Extra! Extra! Aegis 2.0 Is Here To Save The Day!
Dual-booters among my brethren will be very happy to hear about a new dawg in the neighborhood. Dual-booters, in this case refers to people booting Windows as well as Linux. Typically these users will access potentially virus infested files from Windows in their day to day lives and in this process might hurt other users using Windows as their sole operating system without even knowing it (Why? Because, Linux for the most part isn’t a major target by viruses and is a lot more seure). This could happen in a variety of ways, from sending an infected attachment by email to lending a friend a corrupted CD. To my knowledge, until now most virus scanners running on Linux aren’t real-time/resident scanners, meaning that they only scan files when you ask them to – on demand. Newer versions of AVG for Linux, etc. provide a resident-scanning function with a prerequisite that you install the Dazuko module. As I recently learned what modularity in the computer world actually is, here’s a starter for the uninitiated. Operating systems (OS) can be divided into two basic groups – Monolithic and Microlithic. These terms denote how drivers for your hardware and similar stuff much beyond my comprehension as a medic come built with your OS. What is a driver? Before we come to that, know this first. At the very heart of any OS is what’s called a kernel. The kernel is the first thing that boots up when you start your PC. When you’re typing in MS Word and reading the letters on your screen as you type, a variety of things happen culminating in the kernel speaking to your hardware exactly what you want your hardware to do. It does this by means of ‘drivers’ that allow it to speak to your hardware. Drivers can be built into the kernel itself or can come as what are called ‘modules’ that can be activated or deactivated as needed independent of the kernel’s function. An OS with the former configuration is called a Monolithic kernel while the latter is typical of a Microlithic kernel. Because a Monolithic kernel contains all the drivers patched into the kernel itself, it’s a little slower to boot than a Microlithic kernel. The fun thing about modules is that you can activate or deactivate them even as you’ve already booted into your OS and are working on your email, watching movies, etc. No rebooting required in this process afaik. Anywho, so coming back to our main discussion, Dazuko is a piece of software that you can either patch into your kernel itself or load it as a module. AVG for Linux requires Dazuko installed to be able to act as a realtime scanner.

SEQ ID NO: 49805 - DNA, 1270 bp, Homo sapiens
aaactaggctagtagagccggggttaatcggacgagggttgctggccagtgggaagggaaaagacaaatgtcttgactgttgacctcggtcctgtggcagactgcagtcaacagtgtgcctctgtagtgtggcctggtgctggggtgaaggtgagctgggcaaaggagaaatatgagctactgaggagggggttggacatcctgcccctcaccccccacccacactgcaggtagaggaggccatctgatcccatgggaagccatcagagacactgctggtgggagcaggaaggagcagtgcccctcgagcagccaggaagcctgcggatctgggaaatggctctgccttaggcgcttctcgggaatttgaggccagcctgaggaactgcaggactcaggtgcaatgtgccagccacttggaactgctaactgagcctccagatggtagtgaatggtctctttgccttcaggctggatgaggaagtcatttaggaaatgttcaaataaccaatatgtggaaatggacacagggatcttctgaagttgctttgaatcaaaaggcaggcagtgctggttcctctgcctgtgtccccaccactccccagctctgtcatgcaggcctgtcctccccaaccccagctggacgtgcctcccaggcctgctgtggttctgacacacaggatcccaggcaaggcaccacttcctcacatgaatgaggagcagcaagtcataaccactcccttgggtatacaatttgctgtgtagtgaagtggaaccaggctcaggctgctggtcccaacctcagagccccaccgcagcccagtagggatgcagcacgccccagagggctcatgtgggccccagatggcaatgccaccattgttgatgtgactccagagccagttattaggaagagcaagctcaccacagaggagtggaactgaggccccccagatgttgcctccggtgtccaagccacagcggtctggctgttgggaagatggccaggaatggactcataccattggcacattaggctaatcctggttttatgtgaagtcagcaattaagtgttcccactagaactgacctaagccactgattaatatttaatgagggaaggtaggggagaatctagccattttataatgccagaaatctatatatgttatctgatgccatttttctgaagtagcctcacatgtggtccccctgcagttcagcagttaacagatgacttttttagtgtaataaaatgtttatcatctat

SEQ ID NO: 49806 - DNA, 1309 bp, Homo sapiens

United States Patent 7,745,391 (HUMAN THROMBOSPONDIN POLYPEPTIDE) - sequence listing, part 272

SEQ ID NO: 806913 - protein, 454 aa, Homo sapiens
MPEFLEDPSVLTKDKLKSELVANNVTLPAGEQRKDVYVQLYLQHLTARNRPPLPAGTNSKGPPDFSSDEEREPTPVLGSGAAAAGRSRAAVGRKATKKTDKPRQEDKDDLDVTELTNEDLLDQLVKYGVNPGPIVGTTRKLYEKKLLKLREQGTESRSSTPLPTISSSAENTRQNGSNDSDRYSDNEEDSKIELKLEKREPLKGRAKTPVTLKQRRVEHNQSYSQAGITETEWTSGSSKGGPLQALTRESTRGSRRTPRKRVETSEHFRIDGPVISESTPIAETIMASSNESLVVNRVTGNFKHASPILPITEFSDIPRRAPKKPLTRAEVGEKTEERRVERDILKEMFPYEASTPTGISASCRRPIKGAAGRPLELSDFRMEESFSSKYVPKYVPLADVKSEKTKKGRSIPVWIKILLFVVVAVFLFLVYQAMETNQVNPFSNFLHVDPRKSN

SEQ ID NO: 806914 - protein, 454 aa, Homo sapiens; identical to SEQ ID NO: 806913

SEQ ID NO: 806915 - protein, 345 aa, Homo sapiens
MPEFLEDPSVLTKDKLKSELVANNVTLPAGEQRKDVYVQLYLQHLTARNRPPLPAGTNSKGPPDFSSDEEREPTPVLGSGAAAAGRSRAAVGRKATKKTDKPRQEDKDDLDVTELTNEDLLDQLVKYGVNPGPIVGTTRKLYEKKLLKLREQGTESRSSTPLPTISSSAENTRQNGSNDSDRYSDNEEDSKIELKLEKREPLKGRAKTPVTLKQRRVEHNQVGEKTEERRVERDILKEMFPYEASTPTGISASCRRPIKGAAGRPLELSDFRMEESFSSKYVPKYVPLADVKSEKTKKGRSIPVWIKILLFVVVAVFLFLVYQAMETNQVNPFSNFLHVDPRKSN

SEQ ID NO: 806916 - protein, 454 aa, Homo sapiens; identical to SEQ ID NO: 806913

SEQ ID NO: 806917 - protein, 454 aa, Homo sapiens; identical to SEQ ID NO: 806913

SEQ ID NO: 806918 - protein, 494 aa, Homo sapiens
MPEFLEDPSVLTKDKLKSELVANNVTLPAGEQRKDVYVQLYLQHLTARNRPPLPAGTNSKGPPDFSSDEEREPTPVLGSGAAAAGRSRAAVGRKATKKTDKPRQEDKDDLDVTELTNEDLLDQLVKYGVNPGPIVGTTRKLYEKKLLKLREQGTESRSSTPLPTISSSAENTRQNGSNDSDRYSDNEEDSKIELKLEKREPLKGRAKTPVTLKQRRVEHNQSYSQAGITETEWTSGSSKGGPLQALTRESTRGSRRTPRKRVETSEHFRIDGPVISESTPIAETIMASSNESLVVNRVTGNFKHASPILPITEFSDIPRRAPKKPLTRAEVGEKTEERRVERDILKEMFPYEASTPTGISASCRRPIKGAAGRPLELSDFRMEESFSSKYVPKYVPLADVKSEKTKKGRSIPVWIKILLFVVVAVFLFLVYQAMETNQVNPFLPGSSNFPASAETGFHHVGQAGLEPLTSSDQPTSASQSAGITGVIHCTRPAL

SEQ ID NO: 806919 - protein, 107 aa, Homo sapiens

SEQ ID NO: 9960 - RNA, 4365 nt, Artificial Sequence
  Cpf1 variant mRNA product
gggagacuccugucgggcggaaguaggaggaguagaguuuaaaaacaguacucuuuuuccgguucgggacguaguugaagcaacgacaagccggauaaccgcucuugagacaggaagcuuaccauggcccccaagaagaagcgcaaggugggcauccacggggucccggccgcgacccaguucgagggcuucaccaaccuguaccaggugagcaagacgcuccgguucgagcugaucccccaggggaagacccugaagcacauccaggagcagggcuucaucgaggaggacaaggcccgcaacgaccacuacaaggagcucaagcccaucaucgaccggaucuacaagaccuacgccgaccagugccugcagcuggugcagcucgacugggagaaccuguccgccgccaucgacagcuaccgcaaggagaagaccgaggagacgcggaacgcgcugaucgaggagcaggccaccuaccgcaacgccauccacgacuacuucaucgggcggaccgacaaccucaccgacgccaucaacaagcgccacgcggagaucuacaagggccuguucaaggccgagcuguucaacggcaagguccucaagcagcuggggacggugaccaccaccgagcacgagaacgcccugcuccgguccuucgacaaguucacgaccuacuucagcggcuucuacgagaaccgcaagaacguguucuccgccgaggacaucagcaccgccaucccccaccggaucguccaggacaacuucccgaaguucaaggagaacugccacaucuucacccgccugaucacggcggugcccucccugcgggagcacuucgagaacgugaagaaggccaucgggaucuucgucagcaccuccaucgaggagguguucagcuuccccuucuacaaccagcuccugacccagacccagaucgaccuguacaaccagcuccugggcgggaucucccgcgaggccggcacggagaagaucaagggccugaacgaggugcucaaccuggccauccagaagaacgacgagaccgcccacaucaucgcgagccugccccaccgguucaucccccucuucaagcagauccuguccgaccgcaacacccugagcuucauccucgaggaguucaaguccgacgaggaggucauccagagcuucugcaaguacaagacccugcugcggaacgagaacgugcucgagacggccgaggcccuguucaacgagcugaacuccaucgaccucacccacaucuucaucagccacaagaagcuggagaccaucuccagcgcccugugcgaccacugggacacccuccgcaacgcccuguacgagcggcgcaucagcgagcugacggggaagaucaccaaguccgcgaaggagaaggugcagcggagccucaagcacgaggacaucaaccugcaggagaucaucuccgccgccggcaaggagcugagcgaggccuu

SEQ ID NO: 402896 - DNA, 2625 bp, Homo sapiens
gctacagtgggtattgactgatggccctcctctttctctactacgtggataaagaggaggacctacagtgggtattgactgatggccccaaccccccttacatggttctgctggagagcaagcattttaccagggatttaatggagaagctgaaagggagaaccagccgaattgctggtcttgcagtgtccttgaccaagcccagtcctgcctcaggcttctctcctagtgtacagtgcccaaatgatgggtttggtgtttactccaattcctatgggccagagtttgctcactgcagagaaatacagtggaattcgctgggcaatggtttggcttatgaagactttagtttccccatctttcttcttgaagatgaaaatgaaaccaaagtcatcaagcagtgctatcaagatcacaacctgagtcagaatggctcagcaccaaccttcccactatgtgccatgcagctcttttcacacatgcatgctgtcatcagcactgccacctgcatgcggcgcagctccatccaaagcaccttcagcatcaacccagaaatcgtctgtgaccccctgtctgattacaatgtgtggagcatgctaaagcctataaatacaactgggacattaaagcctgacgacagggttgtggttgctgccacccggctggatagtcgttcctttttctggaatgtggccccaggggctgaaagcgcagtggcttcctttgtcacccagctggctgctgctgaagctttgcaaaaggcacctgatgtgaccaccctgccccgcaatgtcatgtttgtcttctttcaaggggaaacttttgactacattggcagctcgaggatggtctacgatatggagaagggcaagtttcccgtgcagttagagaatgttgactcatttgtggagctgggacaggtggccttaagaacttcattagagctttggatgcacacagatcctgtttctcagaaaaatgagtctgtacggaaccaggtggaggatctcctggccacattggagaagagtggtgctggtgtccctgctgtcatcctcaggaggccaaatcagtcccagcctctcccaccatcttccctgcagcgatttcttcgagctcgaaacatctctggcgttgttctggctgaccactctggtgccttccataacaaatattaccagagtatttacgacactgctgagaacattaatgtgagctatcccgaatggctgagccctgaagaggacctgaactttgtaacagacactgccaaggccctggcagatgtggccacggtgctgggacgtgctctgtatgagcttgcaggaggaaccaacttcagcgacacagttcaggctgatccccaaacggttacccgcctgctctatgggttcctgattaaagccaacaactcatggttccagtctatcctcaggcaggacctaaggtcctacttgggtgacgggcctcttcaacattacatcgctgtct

I’m a firm believer in usability than anything else. Especially for average computer-idiots. As a matter of fact my tryst with Linux started due to the continuous slow-downs and virus threats in Windows. I still do love the general user interface and ease of use of Windows. I also like things cheap and don’t like to be cornered into a position where I’d be forced to use cracks, keygens and illegit stuff which for all I know might contain malicious code. Not being a software developer or anything like that (although you’d be interested to know there are medics who are hard core devs too, like Dr. Con Kolivas who is a practicing Anesthesiologist in Australia and maintains their society’s website), the ‘free as in speech‘ doesn’t really get my attention as much as the ‘free as in beer’ aspect of Linux. Although, if I were to be a medical entrepreneur who wishes to start some sort of business or a hospital system, etc. I’d view the ‘free as in speech’ aspect with due respect too because in that situation I would be able to build a custom OS for my business needs, hiring an IT team.
For those of us who’d rather not install Dazuko and immerse ourselves in uber-geeky stuff, there’s a really cool development in the Linux Antivirus world. Aegis 2.0, a project in the alpha stages (meaning it’s not stable yet), is a real-time scanner not requiring Dazuko. Not as far as I can tell from its website.
Here’s an excerpt from the website:-
Aegis 2.0 is a ground-up rewrite of the Aegis Virus Scanner. It was developed as a modular and flexible system that can support multiple backends for monitoring and scanning. Even the user interface is decoupled so that it would not be hard to write an interface for another desktop such as KDE.
The old Aegis was a simple “on-demand” scanner – you ran the application, chose a directory, and the program scanned it for you. Aegis 2.0 is a background scanner – it resides in your desktop’s notification area, and watches for new or modified files in your home directory. When it finds an infected file, it shows a dialog, allowing you to delete or quarantine the file.
So go ahead fellas, check it out here!
Feel free to leave behind your comments .
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